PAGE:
48-hour whirlwind East Coast weekend: the Boston Book Festival and the Boston Filipino-American Book Club

Two roads diverged in a wood, and I—
I took the one less traveled by,
And that has made all the difference.
 – Robert Frost, American poet, from “The Road Not Taken”

Waiting for my red-eye flight to Boston at Oakland International Airport.

In mid-September, Grace Talusan, Fulbright Scholar, English professor at Tufts University in Boston, and winner of the 2017 New Immigrant Writing for Nonfiction by Restless Books, contacted me to let me know that the Boston Filipino-American Club (BFAB) was going to be reading my novel, A Village in the Fields, for the month of October. Grace, whose memoir, The Body Papers, will be published in the Fall of 2018, asked if I would be willing to Skype with the members at their October 29th meeting following their traditional brunch. Absolutely, I let her and book club founder and artist Bren Bataclan know.

At some point in October, my husband, David, suggested that I use up points and fly to Boston the weekend of the book club meeting. At first, I dismissed the idea. I’m not spontaneous, I pointed out, echoing a famous line of mine from my college days. But as the days went by, I started to warm up to the idea. However, I didn’t want to burden anyone with my visit. When I finally reached out to Grace and Bren, they were enthusiastic and welcoming of the visit. So I booked my flight and was looking forward to the trip. My job has been very stressful these past few months and I pulled two near-all-nighters the week before my planned visit. In fact, that Thursday evening, I worked until the early morning. I wasn’t sure then if it was a good idea to be going away. But David noted that I needed to get out, that being around book lovers would be a welcome change and just the community that I needed to be in the midst of.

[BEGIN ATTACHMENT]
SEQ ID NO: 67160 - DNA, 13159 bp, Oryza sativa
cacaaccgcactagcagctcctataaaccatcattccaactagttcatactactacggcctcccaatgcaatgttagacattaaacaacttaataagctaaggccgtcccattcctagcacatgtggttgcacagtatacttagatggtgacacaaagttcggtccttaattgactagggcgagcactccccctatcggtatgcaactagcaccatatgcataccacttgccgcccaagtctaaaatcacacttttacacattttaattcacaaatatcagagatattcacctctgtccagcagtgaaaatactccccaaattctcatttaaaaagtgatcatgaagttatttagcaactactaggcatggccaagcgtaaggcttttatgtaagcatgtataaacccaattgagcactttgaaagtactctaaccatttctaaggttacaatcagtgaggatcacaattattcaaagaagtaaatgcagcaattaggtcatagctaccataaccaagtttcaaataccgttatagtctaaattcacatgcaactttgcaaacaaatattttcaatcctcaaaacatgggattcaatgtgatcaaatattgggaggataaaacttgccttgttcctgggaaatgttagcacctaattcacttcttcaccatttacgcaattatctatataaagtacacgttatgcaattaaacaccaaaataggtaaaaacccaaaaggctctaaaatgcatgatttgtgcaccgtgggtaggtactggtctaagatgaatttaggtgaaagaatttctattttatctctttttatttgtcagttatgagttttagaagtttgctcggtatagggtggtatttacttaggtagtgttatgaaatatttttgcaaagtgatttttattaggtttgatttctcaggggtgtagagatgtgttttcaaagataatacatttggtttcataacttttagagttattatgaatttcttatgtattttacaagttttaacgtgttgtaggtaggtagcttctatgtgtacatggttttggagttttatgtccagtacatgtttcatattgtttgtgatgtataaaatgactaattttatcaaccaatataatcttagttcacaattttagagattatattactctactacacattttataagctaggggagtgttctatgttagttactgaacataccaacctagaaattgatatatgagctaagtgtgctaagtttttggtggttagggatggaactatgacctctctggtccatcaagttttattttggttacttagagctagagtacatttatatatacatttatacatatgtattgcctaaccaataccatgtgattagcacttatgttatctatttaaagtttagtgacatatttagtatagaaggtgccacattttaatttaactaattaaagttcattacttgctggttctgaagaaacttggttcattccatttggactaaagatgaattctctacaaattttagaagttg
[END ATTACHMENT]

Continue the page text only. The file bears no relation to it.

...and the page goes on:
So I took the red-eye from Oakland to JFK in New York and caught the next leg to Boston. (An aside: It turned out that the woman sitting across the aisle from me was headed for the Boston Book Festival. Her publishing company, New York-based Other Press, was hosting a tent, which is where she brought up recognizing me on her flight. She noticed that I was reading Celeste Ng’s Little Fires Everywhere.) Grace and a good friend of hers picked me up at the airport, and we had a nice breakfast at the Eastern Standard, an elegant French-period appointed restaurant on Commonwealth Avenue in the heart of Kenmore Square, which is on the other side of the highway from Fenway Park. Afterwards, Grace dropped me off at Copley Square, site of the Boston Book Festival, a one-day event of talks and panels, tents filled with myriad publishers, and book signings! I was in heaven and the weather was perfect – fall chill in the air, changing colors of the trees. There were multiple sessions that overlapped, so I had to make some difficult decisions.

Fall at the entrance of the Eastern Standard restaurant.

Of course, I had to get a picture of me near Fenway Park (courtesy of Grace Talusan).

Rapping with Shakespeare.

My introduction to the festival was listening to The Shakespeare Time-Traveling Speakeasy. During 2016-2017, Shakespeare to Hiphop (literary performers and TEDx Boston alumni Regie Gibson and Marlon Carey) partnered with the Boston Public Library to celebrate the great bard. The result is The Shakespeare Time-Traveling Speakeasy: “an all-new presentation combining American jazz-funk-country-pop and hip-hop with poetry, song, storytelling, rap, and Shakespeare’s own words.” Their performance was entertaining and crowd-pleasing.